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Leiber is taking its particular brand of sparkle international.
This story first appeared in the February 6, 2008 issue of WWD. Subscribe Today.
The 45-year-old American luxury accessories brand, known for its ornate Swarovski crystal-studded evening bags, has inked distribution agreements to open stores in India and the Middle East. The deals are part of a larger strategy to grow the Pegasus Capital Advisors-owned firm. Next steps include moving into Southeast Asia and Russia.
“We’ve been such a small player in an ocean of luxury,” said Leiber president and creative director Frank Zambrelli, who noted the firm has only six U.S. boutiques, two of which are outlet stores, and that there is a lot of growth opportunity in retail and wholesale segments.
There are also plans to open additional stores in major American cities. The brand has stores in New York, Las Vegas, Atlanta and Costa Mesa, Calif.
In the Middle East, Leiber partnered with Al-Futtaim, a luxury goods distributor based in Dubai. A 1,000-square-foot store in Dubai’s recently extended shopping mall Wafi is planned for April. There are also plans to launch outposts in Qatar, Abu Dhabi, Kuwait and a second store in Dubai. The stores will average from 1,700 to 2,000 square feet. The average price point is $5,000.
“The Leiber customer commutes across the globe,” said Duncan Bradbury, business manager for Al-Futtaim, a 75-year-old firm that has retail partnerships with Ikea, Toys ‘R’ Us, Marks & Spencer and Raymond Weil.
The firm is seeking to expand its luxury profile and sees Leiber as the perfect fit due to its heightened brand awareness and product quality in categories such as crystal-studded evening bags, exotic-skin handbags, eyewear, fine jewelry, furs, footwear and fragrance. Footwear isn’t a prominent category for the brand, but it is looking to bolster the division and is in talks with a prominent footwear firm to do so.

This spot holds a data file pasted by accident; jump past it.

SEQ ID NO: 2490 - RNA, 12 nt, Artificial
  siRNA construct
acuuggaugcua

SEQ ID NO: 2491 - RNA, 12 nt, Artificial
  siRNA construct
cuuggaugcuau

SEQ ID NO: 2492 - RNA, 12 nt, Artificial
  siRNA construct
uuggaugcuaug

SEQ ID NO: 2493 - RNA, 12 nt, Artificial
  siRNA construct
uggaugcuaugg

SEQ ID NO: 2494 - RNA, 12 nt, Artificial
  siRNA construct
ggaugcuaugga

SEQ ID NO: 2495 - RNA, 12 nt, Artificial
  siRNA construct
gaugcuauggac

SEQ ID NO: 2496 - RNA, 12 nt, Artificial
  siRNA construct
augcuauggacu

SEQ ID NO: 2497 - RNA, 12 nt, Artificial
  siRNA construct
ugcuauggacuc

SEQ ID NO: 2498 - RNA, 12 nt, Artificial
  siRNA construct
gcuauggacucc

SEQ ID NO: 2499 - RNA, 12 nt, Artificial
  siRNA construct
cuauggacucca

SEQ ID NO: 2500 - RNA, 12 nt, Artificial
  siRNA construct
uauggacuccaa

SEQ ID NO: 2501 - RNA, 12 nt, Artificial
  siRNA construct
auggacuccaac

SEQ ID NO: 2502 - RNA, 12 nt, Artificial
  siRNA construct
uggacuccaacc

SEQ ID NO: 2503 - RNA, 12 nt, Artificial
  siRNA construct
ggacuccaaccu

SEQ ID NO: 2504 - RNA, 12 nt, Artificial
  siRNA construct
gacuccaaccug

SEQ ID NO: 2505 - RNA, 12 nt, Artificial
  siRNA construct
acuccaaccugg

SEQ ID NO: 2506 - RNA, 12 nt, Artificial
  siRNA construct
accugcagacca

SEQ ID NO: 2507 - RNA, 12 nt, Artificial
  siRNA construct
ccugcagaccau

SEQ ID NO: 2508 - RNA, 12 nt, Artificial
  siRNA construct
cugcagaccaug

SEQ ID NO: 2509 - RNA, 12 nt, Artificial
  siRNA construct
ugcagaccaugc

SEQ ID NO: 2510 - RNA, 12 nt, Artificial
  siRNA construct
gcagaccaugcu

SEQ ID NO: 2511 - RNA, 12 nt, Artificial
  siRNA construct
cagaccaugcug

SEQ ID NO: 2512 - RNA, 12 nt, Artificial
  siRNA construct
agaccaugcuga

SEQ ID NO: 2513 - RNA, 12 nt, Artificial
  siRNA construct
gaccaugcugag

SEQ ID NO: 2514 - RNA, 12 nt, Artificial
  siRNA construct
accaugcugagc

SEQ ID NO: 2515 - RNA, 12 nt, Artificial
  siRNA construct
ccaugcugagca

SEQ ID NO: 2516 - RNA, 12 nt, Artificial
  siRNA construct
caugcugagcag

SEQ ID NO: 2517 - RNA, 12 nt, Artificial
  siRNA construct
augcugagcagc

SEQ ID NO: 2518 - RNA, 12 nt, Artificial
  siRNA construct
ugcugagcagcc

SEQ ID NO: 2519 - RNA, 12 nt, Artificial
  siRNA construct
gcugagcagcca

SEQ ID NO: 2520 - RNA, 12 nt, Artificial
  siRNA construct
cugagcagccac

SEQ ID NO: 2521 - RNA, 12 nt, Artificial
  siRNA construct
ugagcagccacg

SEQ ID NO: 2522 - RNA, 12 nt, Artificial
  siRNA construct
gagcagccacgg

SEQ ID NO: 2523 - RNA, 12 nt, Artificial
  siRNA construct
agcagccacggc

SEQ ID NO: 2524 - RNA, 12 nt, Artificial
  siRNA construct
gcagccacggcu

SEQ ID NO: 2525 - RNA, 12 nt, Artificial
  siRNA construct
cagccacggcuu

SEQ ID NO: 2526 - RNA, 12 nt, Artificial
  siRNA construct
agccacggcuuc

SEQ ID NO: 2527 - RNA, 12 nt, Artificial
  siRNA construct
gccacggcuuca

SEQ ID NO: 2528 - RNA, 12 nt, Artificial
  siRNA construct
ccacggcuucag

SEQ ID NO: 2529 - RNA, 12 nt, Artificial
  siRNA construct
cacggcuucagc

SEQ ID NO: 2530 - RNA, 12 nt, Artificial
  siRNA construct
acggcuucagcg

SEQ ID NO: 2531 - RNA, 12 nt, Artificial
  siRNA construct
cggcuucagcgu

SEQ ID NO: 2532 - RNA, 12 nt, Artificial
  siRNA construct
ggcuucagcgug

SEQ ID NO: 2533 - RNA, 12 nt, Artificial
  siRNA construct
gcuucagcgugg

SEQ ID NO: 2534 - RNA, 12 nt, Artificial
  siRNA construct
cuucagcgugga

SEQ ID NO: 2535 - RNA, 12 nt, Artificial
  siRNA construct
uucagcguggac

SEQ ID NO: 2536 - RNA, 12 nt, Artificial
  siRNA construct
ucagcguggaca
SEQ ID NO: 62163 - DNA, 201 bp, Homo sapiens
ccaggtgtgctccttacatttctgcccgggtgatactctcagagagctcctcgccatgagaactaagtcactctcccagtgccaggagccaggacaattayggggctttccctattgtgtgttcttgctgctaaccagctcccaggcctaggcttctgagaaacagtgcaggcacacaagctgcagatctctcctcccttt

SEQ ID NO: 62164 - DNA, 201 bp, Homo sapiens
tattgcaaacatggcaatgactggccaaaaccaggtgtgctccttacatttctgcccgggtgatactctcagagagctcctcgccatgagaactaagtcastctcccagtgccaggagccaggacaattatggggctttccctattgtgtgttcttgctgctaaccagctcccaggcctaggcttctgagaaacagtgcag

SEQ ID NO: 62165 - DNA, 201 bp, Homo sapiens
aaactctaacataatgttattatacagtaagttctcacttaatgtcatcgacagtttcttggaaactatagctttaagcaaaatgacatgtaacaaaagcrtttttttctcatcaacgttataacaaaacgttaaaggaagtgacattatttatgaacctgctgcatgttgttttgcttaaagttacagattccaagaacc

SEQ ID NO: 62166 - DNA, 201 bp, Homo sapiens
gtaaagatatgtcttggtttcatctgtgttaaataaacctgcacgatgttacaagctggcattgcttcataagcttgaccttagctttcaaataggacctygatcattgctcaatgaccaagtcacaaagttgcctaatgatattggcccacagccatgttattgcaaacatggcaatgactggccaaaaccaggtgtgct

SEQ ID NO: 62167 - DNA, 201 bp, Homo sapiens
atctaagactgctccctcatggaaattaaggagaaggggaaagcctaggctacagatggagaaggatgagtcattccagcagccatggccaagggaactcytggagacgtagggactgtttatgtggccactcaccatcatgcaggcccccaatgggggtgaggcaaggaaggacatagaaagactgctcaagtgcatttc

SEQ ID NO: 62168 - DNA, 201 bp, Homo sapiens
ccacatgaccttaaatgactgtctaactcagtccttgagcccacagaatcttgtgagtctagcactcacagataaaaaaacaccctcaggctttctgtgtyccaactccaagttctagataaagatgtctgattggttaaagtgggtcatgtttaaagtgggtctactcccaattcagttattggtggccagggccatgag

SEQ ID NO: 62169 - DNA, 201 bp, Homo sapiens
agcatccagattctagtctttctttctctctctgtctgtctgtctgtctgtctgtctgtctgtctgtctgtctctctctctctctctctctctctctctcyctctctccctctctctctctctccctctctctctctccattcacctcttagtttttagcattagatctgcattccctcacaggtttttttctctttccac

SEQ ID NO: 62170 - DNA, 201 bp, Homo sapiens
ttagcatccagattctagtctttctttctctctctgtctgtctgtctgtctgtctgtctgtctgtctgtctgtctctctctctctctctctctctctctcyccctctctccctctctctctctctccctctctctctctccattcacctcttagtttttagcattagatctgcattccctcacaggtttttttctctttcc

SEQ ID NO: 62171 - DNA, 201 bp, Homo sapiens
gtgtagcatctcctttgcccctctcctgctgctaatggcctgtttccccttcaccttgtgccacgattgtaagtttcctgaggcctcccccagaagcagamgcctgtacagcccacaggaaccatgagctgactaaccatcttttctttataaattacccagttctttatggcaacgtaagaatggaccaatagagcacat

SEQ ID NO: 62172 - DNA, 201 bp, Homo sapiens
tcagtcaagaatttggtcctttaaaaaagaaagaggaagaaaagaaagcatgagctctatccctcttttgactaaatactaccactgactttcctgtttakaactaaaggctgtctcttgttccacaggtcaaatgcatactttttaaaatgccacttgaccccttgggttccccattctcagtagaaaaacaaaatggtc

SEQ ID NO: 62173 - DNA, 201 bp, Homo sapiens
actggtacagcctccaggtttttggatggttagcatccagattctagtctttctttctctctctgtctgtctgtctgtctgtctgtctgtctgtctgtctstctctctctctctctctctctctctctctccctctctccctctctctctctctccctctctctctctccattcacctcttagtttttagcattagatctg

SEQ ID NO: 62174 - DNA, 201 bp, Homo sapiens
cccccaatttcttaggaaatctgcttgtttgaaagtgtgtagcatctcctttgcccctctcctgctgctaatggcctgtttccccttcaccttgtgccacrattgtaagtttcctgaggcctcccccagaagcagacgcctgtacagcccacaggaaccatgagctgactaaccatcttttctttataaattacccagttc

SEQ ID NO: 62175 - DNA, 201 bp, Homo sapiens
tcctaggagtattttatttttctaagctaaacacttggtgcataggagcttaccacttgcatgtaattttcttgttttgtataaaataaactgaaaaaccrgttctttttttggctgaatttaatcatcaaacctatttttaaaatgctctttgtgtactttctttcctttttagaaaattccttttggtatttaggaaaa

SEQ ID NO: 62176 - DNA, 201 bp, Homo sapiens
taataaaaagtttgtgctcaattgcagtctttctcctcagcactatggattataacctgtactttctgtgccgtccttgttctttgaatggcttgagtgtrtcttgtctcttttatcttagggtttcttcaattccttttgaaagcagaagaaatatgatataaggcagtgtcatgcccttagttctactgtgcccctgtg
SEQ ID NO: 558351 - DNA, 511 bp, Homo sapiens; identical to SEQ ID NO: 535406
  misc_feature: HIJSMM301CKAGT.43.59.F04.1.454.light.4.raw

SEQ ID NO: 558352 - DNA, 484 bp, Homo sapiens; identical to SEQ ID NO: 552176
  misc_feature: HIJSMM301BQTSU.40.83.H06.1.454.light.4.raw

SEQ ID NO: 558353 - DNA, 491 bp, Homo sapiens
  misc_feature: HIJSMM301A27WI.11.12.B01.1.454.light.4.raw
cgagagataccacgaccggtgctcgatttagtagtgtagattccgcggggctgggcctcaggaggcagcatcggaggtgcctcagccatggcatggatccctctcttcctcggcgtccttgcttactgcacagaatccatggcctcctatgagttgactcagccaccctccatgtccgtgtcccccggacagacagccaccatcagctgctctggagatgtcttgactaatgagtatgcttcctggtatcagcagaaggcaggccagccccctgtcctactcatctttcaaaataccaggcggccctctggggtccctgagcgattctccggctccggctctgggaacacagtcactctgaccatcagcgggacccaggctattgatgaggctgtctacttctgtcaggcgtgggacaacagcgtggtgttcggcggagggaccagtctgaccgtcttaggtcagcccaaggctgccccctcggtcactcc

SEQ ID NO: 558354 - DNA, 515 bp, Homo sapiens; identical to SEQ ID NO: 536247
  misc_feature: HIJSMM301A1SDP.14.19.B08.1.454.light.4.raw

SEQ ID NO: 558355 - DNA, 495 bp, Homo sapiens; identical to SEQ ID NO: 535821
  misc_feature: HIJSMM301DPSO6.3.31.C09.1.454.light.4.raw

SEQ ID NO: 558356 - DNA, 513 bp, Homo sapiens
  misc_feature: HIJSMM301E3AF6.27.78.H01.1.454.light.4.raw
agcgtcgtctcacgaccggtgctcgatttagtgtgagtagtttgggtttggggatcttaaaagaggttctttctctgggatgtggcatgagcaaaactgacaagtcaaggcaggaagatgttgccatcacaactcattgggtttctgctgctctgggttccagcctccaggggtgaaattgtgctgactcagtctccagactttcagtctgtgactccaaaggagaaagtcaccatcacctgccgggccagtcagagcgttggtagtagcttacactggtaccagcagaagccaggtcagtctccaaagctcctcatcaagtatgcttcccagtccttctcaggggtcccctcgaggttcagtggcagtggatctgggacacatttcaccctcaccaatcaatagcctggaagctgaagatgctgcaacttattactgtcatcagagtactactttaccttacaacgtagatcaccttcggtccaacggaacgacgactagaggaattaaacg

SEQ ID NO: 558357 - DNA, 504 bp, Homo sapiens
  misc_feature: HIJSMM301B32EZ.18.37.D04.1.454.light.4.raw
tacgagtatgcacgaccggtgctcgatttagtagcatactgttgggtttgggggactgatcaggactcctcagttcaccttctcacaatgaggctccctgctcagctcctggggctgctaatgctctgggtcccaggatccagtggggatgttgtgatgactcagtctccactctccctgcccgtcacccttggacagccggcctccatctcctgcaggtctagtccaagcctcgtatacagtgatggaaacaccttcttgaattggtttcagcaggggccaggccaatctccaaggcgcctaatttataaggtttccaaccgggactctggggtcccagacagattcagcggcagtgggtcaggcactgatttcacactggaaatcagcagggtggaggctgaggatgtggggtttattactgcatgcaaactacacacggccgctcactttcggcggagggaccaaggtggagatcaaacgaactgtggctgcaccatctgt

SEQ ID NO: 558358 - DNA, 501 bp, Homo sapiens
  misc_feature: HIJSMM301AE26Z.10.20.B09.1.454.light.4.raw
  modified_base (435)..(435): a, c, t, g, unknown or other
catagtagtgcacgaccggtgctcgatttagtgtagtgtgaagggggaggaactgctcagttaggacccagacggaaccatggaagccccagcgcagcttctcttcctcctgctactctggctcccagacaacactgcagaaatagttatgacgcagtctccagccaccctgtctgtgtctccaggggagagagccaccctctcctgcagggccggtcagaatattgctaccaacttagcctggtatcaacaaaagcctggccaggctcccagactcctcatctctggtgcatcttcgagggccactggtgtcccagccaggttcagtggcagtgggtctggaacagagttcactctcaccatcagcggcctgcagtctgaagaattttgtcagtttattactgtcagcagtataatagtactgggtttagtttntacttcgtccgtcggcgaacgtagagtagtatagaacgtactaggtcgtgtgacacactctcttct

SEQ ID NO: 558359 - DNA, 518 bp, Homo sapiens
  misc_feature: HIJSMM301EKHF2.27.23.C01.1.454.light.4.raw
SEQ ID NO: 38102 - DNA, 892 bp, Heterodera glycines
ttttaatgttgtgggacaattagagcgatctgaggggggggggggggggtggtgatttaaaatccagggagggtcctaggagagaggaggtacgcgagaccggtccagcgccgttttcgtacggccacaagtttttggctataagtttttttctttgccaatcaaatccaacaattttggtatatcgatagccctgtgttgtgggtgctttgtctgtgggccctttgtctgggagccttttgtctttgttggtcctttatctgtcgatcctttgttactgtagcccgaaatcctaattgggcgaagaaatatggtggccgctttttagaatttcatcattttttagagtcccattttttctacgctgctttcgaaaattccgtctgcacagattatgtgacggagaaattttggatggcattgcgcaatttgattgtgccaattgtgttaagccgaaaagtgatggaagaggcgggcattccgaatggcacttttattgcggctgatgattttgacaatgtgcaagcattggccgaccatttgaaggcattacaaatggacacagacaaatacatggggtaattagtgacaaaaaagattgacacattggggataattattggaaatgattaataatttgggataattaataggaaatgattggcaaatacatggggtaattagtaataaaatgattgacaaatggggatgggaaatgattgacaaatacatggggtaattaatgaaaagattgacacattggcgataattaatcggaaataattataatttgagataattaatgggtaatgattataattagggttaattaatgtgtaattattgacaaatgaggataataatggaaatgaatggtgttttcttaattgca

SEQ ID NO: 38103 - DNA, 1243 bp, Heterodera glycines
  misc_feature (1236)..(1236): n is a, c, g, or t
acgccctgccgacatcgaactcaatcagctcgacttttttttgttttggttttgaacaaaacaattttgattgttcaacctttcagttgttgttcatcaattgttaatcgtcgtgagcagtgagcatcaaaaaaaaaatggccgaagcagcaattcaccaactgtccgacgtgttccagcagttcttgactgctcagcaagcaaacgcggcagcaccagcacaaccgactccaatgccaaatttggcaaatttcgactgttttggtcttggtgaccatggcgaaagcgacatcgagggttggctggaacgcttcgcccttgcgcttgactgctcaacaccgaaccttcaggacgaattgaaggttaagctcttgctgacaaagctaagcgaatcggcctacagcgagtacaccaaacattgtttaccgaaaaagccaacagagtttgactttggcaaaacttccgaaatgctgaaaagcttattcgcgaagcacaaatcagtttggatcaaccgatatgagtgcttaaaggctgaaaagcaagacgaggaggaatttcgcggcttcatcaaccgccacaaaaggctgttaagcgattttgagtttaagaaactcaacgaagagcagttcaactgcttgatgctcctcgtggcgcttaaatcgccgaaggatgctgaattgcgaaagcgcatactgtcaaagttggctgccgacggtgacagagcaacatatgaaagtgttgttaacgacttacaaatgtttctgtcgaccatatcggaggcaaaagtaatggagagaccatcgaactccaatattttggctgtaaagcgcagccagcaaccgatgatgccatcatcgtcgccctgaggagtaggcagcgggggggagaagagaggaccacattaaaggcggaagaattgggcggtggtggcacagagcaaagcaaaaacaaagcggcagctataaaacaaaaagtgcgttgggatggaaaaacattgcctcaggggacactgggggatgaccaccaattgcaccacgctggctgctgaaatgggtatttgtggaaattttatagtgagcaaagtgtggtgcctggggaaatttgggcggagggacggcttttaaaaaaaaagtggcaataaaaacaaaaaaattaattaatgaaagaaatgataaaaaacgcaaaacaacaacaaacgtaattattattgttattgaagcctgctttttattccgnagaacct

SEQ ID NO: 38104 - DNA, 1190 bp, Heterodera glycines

The brand has also increased its exotic skin business of late. Fifty-five to 60 percent of sales are from its crystal pieces. Leiber’s recent collaborations with designers such as Andrew Gn, Rachel Zoe and Azzaro have introduced the brand to a wider audience. In August 2006, the company changed its brand name from Judith Leiber to Leiber to make its image younger and open it up to men’s.
“There’s an ever-growing demand for accessories,” said Duncan. “[The Middle Eastern] customer has always demanded the very exclusive and exquisite.”
Duncan added accessories are vital to local women who wear traditional Islamic garb such as the hijab and abaya.
In India, Leiber has partnered with Marigold Group, a luxury purveyor and operator of several stores and women’s fashion brands there. The first Leiber store will open in the spring, with a second to follow in Mumbai. Madan K. Assomull, chairman of Marigold, said selling luxury in India is specialized, so Leiber will offer salespeople to come to the home of a client. It will also host trunk shows in places where having a store isn’t an option.
“My mother and the women in my family have always owned Judith Leibers,” said Assomull. “It’s a tradition in my family and it’s a tradition in India.”